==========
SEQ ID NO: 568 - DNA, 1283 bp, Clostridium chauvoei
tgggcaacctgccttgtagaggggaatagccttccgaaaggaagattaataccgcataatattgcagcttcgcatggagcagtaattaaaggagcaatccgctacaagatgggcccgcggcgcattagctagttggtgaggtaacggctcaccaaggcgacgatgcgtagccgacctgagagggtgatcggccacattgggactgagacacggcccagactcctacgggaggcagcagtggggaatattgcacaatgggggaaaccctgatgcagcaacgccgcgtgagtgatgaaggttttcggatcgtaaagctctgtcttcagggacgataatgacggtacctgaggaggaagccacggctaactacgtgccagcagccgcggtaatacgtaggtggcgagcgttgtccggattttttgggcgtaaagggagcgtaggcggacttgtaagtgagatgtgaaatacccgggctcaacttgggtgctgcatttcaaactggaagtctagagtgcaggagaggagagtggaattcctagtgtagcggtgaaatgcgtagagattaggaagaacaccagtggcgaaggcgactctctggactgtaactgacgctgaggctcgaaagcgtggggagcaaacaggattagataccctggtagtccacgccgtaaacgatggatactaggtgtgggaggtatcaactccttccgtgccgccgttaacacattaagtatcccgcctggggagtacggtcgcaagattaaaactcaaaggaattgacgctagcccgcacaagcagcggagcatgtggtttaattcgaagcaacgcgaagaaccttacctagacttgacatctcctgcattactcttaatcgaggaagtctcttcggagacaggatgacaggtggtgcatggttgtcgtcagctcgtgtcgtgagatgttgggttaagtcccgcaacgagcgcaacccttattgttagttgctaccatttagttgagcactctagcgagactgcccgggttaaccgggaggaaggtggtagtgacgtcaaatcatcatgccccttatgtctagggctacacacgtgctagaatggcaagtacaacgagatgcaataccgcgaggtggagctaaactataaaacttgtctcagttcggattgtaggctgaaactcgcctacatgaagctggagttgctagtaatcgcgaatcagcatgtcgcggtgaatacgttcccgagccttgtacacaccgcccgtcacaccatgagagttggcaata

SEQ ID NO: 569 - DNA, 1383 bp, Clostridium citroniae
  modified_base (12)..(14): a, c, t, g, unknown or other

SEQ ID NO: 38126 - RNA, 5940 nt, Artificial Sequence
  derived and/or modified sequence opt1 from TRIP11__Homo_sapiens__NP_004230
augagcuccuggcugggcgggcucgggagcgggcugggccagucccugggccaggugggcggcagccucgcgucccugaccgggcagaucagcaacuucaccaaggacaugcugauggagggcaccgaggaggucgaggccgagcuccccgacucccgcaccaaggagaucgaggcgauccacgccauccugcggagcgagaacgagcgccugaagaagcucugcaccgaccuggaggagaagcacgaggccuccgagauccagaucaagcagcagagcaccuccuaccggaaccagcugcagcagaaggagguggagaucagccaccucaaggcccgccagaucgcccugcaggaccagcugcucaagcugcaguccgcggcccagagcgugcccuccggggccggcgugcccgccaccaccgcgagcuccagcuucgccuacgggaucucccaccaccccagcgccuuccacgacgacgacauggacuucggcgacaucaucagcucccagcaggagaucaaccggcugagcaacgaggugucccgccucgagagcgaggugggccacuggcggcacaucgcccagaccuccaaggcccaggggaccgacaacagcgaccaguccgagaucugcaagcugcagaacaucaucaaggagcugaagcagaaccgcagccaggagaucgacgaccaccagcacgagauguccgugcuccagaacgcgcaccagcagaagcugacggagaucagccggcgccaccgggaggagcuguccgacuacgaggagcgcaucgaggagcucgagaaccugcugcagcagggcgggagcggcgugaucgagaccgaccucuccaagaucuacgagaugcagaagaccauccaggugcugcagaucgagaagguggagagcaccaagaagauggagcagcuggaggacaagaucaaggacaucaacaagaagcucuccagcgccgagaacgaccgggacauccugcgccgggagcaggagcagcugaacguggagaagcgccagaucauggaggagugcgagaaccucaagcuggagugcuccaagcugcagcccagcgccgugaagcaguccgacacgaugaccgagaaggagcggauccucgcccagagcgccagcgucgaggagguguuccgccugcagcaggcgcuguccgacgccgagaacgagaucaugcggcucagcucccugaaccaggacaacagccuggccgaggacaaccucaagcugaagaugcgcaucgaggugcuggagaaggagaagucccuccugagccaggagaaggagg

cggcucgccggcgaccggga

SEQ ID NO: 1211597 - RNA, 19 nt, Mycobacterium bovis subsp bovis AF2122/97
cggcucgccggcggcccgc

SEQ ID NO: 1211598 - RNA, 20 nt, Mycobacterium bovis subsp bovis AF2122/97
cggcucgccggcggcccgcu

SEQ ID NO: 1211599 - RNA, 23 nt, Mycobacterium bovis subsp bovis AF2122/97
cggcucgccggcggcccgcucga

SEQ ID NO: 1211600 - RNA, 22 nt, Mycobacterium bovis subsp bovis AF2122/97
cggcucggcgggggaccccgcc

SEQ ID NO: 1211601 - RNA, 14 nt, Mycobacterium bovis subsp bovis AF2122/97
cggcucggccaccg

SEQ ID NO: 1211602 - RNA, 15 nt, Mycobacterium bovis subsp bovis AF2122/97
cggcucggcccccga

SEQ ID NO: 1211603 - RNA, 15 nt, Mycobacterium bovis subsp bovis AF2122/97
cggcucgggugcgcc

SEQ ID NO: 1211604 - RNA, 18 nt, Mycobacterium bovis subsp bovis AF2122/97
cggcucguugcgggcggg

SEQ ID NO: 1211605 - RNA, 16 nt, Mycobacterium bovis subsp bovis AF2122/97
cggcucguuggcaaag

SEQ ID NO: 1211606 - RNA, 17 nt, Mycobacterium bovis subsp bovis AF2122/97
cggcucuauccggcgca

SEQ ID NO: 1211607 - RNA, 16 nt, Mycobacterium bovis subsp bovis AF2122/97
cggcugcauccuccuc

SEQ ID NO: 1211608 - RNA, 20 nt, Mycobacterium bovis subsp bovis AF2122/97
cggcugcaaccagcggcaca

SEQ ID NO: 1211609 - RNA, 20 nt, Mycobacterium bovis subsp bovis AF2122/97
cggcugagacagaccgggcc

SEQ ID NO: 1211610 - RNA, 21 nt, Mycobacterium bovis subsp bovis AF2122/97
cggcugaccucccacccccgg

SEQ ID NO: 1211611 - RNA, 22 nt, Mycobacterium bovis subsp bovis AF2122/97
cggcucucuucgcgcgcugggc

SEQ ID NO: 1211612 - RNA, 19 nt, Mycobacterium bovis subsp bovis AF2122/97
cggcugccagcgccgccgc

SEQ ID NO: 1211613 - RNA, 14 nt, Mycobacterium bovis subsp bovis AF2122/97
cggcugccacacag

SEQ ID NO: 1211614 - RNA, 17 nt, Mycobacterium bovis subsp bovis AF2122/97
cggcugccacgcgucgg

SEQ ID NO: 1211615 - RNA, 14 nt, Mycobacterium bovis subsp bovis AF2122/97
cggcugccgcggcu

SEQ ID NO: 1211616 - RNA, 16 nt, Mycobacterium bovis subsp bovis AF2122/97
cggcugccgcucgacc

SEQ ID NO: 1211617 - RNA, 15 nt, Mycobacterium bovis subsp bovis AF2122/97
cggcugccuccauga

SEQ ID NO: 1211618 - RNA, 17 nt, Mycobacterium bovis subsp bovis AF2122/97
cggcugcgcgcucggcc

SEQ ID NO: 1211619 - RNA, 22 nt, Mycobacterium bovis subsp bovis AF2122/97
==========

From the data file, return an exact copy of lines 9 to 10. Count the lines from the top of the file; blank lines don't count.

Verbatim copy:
SEQ ID NO: 1211597 - RNA, 19 nt, Mycobacterium bovis subsp bovis AF2122/97
cggcucgccggcggcccgc